The table is a Knoll design by Warren Platner, with a glass top substituted by Cox. It is 45 inches around, a figure arrived at by Cox as ideal for the five members of the family. For that reason there are five, not six Harvey Probber chairs around the table.
The floor is a practical ceramic tile, impervious to spills from the plants or the table.
The original glass ceiling was a medium tint of bronze. "I never can convince my clients to order the darkest tint. They always think it will be too dark," said Szoradi. But after living with the brilliant east sun for a while, the Coxes added a thin solar mylar covering which still is completely transparent, but cuts down on the solat radiation, and increases the nighttime reflectivity.
The Coxes then went on to redecorate the dining room to reflect the extension. They bought a handsome Pace table with a top and Y-shaped base both made of solar bronze glass with bronze mountings. On the table is a plastic base for a copper-ore rock, an arresting natural sculpture.
The addition would cost about $15,000 to do now, Cox figures.
In the living room, the answer was to subtract rather than add. Szoradi straightened out the far wall, eliminating the bay and installing two tall, skinny fixed-glass windows for light. In between is a magnificent Louise Nevelson Print, a very limited edition indeed, one of 20.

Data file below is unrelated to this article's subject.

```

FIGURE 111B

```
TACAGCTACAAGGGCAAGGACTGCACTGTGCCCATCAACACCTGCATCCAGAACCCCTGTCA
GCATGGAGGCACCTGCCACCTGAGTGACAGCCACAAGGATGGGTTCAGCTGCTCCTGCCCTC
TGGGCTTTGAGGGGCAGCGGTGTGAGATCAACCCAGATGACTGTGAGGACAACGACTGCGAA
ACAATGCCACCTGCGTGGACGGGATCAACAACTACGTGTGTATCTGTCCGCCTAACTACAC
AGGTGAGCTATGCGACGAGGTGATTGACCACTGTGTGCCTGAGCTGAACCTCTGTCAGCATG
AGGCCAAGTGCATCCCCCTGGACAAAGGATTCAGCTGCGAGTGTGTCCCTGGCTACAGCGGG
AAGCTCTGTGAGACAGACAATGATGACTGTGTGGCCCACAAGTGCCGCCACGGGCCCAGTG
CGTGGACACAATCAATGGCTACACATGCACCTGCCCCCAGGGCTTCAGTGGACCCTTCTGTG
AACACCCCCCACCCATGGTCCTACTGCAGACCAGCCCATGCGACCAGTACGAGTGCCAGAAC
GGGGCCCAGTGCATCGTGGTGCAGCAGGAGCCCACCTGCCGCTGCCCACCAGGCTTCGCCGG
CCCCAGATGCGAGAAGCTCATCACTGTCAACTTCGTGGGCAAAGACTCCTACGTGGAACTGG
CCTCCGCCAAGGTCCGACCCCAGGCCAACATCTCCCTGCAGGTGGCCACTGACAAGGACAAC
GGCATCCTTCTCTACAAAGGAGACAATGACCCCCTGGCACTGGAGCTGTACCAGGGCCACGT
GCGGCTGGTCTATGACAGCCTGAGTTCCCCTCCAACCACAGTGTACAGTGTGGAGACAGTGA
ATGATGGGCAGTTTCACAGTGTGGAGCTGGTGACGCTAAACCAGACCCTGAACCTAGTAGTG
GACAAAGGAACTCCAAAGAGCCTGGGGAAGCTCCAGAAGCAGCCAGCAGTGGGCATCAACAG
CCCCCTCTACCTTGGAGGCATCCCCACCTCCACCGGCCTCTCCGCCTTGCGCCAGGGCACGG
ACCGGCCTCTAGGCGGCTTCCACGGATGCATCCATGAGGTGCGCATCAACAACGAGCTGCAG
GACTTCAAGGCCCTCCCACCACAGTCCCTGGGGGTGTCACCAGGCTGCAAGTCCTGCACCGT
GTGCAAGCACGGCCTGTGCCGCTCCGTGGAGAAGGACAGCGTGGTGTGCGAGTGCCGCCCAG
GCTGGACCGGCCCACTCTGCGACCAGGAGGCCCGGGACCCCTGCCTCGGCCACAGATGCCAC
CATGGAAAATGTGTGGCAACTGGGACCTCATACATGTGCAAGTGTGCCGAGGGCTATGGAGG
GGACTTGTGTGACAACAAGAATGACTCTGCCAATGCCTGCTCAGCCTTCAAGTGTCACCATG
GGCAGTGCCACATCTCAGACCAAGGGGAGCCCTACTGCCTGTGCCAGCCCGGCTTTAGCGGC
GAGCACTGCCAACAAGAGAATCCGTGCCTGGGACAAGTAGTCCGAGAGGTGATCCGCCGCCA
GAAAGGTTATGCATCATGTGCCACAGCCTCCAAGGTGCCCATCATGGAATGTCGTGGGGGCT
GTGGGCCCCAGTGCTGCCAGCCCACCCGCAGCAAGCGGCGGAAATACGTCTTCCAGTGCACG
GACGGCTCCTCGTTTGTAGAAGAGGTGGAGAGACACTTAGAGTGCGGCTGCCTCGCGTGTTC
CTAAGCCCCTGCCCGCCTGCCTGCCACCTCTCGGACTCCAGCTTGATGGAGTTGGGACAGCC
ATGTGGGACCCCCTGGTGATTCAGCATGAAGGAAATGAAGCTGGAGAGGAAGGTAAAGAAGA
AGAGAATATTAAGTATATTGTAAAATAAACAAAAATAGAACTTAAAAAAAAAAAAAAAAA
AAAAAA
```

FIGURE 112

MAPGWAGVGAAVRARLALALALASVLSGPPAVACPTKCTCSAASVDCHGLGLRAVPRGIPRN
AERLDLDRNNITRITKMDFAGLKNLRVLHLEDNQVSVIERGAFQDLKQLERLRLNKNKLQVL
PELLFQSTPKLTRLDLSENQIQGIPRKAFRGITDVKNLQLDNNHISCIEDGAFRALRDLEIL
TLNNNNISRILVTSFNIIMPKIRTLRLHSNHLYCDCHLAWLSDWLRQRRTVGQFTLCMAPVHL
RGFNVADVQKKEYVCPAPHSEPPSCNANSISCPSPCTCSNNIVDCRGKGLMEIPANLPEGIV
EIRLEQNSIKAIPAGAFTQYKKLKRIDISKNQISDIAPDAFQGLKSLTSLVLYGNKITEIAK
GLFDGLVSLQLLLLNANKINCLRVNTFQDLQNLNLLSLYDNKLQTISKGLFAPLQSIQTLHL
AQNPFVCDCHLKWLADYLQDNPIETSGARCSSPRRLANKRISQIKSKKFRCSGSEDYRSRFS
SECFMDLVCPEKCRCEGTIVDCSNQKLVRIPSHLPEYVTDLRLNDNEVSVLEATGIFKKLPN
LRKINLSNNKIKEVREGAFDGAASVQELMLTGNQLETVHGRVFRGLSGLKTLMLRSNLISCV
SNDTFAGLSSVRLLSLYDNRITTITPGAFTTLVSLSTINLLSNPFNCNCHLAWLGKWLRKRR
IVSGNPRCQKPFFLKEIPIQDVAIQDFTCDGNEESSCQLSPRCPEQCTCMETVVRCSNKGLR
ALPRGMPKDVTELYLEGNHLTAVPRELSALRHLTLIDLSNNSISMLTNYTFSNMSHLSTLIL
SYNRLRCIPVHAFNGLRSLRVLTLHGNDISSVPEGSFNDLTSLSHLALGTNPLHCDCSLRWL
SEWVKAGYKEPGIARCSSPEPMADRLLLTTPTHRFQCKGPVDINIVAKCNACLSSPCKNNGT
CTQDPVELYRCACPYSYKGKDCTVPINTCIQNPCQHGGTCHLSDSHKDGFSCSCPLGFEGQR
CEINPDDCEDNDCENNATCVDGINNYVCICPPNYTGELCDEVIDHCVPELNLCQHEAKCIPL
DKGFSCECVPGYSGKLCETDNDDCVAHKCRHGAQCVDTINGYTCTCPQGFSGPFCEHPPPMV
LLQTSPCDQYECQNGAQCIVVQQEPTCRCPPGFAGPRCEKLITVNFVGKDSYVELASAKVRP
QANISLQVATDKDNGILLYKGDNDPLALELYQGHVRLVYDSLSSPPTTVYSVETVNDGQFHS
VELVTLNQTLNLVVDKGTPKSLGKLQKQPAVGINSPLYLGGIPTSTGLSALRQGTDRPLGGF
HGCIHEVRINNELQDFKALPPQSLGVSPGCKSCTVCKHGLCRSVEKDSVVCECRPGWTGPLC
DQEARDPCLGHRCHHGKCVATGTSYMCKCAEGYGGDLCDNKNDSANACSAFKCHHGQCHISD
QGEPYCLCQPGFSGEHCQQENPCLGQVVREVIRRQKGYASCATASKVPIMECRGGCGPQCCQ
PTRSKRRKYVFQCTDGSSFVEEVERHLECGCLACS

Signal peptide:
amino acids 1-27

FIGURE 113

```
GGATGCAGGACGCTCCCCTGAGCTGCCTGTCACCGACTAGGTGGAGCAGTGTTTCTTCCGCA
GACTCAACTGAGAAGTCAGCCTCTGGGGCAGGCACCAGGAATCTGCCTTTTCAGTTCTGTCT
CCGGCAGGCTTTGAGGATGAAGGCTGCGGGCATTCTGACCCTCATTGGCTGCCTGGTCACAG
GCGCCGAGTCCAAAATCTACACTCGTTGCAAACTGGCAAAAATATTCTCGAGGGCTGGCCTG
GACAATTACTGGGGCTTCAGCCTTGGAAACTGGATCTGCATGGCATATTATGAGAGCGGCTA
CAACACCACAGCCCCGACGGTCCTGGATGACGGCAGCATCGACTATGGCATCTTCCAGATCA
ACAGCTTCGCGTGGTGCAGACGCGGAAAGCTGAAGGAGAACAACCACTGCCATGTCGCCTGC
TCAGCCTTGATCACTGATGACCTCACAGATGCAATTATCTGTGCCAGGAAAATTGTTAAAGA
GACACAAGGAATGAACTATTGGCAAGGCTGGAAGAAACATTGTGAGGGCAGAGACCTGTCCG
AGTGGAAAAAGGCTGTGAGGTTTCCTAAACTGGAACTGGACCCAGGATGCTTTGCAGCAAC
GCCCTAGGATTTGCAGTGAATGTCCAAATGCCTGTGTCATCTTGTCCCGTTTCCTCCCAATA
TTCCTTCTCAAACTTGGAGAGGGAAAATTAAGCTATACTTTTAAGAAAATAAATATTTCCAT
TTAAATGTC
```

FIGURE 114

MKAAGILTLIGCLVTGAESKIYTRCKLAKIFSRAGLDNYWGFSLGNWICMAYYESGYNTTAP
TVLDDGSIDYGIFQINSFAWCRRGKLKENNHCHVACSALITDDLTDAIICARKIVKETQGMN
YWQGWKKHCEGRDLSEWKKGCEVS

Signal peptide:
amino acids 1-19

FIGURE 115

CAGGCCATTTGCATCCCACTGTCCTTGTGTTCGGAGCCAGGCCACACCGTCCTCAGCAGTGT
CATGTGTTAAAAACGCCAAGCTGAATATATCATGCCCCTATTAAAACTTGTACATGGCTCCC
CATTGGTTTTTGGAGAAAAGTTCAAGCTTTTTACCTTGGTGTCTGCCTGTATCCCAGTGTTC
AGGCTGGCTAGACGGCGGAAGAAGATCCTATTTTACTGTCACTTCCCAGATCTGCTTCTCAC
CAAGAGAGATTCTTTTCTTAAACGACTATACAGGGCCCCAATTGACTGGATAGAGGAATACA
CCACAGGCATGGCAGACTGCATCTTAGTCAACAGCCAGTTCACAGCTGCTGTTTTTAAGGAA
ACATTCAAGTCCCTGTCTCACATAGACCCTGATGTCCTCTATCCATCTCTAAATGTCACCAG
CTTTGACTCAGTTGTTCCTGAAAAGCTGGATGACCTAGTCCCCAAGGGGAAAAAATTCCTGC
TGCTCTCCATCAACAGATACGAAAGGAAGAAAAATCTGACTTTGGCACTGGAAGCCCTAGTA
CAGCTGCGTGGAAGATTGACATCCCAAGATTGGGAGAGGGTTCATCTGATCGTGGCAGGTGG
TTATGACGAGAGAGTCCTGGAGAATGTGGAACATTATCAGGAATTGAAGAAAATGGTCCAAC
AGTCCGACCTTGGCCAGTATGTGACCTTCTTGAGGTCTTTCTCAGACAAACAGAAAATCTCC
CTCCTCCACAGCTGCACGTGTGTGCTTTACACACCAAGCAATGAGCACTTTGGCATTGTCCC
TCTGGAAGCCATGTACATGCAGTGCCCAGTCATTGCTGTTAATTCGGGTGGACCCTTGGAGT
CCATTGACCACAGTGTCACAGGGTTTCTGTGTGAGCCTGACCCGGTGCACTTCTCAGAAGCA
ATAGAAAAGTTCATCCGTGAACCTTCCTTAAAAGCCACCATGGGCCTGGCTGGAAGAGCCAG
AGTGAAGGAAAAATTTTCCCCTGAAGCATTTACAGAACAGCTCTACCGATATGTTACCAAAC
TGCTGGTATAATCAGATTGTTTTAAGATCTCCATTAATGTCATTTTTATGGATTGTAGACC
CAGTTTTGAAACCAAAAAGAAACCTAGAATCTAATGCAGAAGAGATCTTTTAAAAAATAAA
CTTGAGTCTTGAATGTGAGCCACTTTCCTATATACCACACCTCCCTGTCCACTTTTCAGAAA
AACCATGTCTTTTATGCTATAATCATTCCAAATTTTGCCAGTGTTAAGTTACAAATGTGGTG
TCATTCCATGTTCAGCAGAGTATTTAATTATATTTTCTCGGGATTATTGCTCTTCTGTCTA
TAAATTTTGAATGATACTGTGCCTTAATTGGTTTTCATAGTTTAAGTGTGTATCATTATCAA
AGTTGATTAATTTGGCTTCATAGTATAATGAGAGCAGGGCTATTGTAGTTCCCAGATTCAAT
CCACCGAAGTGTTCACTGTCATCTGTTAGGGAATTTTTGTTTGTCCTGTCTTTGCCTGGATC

On another wall is a fine Japanese screen which fits as though the wall were made for it. The leftover French door on a far wall was closed and walled over.
Two Mies van der Rohe/Lilly Reich Barcelona chairs sit across the matching X-based glass table and two wicker chairs. The wickers were originally bought because they looked indestructible enough for the children's TV room, but everyone thought they would add a nice warmth to the classic modern living room, which they do. The rug is almost a tapestry, with a great nubby weave, worked in Switzerland.
Outside, the walls of the new addition are stuccoed, grooved vertically every so often to keep it from cracking.
In the garden, the Coxes also had help from landscape gardener Eric Paepcke. Szoradi noted right away that the old hedge in the garden completely obscured the view of the oval swimming pool from the living room. The narrow existing walk was left over from the original screen porch, which vanished several owners and several remodelings ago.
The hedge was removed, and the whole patio taken up and relaid to link the pool with the house. The Coxes haven't yet decided what to do with the old wading pool, another leftover from one of the house's previous lives. The small octagonal pool has a stopper in it. When you pull it out, water fills up from the big one.
The vast expanse of flagstone is relieved by pot of flowers, changed by Mrs. Cox to exploit whatever's blooming.
And then, for the future, there's the cabana, designed by Szoradi in a triangular shape with a great fan-shaped glass marquise, designed to fit in an outside corner. But that's another day.